By Garth Thomsen, Editor
The Internet is a powerful tool that we, as users, sometimes unknowingly take for granted. We use it to get our news, entertainment, and communicate instantaneously across time-zones. But what if we were no longer in control of what we could access on the Web? Suddenly, sites you once frequented now have paywalls in place preventing you from gaining access to their content without first paying a fee. I’m talking about the absolution of Net Neutrality, and it is exactly what may happen in the United States in just a few short weeks. Over there, the Federal Communications Commission is attempting to hand control of what we see and do online over to Internet Service Provides and big cable companies. If they get their way, they’ll allow widespread throttling, blocking, censorship, and extra fees. Without net neutrality, the Internet will become more like Cable TV, where the content you see is what your provider puts in front of you.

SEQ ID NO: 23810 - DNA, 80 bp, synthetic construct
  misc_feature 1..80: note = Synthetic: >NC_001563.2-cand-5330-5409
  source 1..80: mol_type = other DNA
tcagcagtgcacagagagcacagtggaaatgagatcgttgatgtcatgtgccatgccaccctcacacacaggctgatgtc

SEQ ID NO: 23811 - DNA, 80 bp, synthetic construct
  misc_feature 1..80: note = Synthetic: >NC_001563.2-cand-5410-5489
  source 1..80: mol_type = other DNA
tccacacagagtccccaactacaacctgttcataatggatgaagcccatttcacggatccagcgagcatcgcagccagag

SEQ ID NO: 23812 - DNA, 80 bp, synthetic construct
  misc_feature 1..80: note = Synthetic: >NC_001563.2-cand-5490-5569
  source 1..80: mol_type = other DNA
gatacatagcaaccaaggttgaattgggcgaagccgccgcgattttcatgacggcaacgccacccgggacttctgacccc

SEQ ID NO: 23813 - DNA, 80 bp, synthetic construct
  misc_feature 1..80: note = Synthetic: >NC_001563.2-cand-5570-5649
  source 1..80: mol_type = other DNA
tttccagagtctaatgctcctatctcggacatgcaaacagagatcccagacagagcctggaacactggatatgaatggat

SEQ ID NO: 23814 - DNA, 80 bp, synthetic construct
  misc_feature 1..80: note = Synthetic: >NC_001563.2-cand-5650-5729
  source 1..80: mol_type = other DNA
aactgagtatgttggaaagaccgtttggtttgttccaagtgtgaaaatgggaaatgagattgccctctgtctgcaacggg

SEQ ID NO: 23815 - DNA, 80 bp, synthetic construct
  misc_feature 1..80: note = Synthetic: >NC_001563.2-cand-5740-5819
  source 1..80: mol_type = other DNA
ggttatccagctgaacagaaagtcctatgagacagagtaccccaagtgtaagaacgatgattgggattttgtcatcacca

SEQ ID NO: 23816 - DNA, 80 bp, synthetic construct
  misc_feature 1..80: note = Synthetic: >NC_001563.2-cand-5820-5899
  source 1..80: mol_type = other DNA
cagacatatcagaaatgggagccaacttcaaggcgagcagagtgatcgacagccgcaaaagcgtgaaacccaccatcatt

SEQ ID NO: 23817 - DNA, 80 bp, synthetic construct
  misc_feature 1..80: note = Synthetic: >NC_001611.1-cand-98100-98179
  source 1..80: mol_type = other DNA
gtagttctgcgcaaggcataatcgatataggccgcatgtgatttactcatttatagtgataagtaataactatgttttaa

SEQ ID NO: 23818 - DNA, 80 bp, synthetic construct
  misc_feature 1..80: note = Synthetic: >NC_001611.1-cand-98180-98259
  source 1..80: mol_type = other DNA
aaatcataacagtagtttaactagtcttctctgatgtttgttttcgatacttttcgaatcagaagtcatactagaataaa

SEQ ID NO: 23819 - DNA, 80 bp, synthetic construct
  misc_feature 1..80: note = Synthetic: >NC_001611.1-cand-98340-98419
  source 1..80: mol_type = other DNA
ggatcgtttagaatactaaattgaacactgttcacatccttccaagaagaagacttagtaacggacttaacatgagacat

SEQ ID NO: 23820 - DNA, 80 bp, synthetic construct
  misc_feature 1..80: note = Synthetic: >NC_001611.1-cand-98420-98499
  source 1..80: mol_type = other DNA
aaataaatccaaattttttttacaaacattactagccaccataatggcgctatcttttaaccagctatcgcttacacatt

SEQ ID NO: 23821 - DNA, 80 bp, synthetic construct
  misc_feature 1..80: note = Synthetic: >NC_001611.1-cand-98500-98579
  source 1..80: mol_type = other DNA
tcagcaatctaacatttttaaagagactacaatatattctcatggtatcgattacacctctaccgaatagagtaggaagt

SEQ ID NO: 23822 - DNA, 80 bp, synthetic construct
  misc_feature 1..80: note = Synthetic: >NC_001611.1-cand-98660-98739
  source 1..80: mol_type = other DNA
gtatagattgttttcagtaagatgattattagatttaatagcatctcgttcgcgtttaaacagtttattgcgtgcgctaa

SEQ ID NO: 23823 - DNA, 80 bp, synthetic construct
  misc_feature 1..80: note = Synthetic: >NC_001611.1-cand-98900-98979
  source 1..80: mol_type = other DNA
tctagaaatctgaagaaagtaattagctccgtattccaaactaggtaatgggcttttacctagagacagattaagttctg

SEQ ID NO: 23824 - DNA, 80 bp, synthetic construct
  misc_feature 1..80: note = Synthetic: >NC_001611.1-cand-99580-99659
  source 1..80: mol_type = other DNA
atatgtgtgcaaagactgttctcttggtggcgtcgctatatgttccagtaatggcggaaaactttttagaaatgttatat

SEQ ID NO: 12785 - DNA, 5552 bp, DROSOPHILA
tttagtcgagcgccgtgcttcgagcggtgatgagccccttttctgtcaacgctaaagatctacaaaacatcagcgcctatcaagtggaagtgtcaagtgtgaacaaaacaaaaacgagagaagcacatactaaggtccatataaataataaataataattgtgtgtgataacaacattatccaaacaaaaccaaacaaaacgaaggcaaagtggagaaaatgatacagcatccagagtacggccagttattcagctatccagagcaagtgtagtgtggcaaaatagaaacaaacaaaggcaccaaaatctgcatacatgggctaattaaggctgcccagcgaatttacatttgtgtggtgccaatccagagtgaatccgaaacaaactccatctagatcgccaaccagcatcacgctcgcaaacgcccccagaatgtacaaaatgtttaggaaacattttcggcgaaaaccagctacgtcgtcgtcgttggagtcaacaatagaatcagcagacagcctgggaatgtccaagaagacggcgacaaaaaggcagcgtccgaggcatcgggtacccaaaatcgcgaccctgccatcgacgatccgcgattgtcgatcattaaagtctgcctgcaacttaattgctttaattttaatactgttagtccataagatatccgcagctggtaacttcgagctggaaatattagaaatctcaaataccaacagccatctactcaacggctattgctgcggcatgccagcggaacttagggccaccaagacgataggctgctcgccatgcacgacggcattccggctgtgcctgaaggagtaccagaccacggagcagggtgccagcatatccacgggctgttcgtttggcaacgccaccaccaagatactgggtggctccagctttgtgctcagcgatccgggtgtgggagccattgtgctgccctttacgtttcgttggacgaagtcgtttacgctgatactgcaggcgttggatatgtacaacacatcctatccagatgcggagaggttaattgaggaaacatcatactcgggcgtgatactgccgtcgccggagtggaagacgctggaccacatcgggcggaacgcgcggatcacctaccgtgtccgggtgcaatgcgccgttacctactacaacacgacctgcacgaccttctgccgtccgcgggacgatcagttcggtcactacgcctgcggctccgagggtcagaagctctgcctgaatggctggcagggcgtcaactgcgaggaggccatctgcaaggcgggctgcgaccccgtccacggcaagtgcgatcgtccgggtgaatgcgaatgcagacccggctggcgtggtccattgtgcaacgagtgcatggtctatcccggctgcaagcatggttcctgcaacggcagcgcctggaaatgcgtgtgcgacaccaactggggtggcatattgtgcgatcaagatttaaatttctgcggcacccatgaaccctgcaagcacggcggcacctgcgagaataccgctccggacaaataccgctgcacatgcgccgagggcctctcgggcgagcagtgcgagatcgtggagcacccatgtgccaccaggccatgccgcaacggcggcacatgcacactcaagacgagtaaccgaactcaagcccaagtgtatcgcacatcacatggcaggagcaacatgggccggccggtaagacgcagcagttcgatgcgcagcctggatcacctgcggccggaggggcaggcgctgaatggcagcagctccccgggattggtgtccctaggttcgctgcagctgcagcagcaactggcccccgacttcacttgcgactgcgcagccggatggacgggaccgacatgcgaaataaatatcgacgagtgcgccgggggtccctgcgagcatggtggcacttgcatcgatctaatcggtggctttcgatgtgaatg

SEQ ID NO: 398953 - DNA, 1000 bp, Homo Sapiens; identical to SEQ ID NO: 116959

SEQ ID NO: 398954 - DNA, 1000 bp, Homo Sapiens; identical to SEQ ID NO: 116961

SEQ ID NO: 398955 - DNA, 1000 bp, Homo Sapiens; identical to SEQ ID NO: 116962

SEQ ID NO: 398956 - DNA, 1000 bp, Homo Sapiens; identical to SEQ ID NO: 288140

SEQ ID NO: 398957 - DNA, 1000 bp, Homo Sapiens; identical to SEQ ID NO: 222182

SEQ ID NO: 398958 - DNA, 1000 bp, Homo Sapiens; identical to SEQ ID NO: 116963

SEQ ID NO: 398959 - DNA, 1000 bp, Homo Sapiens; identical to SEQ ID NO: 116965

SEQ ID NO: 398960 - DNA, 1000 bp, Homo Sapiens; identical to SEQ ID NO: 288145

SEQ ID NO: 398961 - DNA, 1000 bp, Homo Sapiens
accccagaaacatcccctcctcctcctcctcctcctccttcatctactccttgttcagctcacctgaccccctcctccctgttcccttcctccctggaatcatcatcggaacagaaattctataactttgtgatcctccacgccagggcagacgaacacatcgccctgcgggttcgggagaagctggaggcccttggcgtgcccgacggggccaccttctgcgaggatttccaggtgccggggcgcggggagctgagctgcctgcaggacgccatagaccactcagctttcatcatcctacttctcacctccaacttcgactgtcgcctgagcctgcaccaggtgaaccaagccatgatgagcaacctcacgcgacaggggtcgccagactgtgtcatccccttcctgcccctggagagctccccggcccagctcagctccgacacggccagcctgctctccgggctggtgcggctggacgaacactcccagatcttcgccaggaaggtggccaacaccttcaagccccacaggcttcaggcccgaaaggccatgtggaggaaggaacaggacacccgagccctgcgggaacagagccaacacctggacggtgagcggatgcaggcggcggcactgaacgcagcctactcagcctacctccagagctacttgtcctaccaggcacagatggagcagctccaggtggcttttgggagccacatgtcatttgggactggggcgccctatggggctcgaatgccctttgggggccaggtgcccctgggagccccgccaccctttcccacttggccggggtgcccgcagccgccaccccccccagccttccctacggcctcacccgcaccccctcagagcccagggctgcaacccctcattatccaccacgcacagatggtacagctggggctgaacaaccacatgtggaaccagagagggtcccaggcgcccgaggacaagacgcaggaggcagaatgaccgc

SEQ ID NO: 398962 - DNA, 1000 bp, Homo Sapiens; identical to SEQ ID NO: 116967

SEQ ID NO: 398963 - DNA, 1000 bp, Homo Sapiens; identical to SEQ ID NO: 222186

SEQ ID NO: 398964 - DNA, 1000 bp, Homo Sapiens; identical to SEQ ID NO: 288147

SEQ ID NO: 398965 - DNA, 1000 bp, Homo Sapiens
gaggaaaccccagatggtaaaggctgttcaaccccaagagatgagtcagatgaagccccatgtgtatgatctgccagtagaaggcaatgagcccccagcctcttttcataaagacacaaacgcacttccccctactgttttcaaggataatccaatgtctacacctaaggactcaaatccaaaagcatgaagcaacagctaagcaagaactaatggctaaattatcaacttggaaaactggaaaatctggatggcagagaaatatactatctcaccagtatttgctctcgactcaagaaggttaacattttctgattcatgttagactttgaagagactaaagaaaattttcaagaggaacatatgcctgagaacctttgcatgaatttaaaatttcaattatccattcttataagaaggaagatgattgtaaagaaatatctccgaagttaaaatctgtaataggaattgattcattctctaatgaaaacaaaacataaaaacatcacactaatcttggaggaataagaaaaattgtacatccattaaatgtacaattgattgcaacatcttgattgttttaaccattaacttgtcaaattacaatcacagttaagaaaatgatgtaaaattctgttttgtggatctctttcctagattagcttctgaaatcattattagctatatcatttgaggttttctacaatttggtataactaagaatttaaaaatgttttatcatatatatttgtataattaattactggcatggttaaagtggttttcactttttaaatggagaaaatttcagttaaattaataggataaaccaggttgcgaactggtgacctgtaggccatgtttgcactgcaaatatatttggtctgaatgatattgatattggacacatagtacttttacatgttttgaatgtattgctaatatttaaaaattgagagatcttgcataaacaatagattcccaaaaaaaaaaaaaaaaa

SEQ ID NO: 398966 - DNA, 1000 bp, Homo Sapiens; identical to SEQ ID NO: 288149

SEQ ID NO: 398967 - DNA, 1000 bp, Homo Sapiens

If we lose net neutrality, we could soon face an Internet where some of your favourite websites are forced into a slow lane online, while deep-pocketed companies who can afford expensive new “prioritisation” fees have special fast lane access to Internet users—tilting the playing field in their favour.
Thankfully, organisations such as Battleforthenet.com and their supporters are forming a bulwark against the destruction of Net Neutrality. Companies such as Amazon, Twitter, and Netflix as well as many others are joining forces to protect the things that make the Internet so great—it’s a place for creativity, free expression, and exchange of ideas. This is why, on July 12, sites across the Web will be putting up banners and slowing down their load speeds in protest of ending net neutrality and to show people how the Internet might look if nothing is done.
We may feel content that in the EU that our Internet usage isn’t at risk at the moment, but if we consider how much of our news, entertainment, and social media comes out of the US, what happens over there will have a noticeable impact over here unless something is done. You can help in the fight for net neutrality. If you have your own blog, an online following, or just feel passionate about the subject, you are encouraged to join the July 12th day of action and help spread the word about the importance of net neutrality.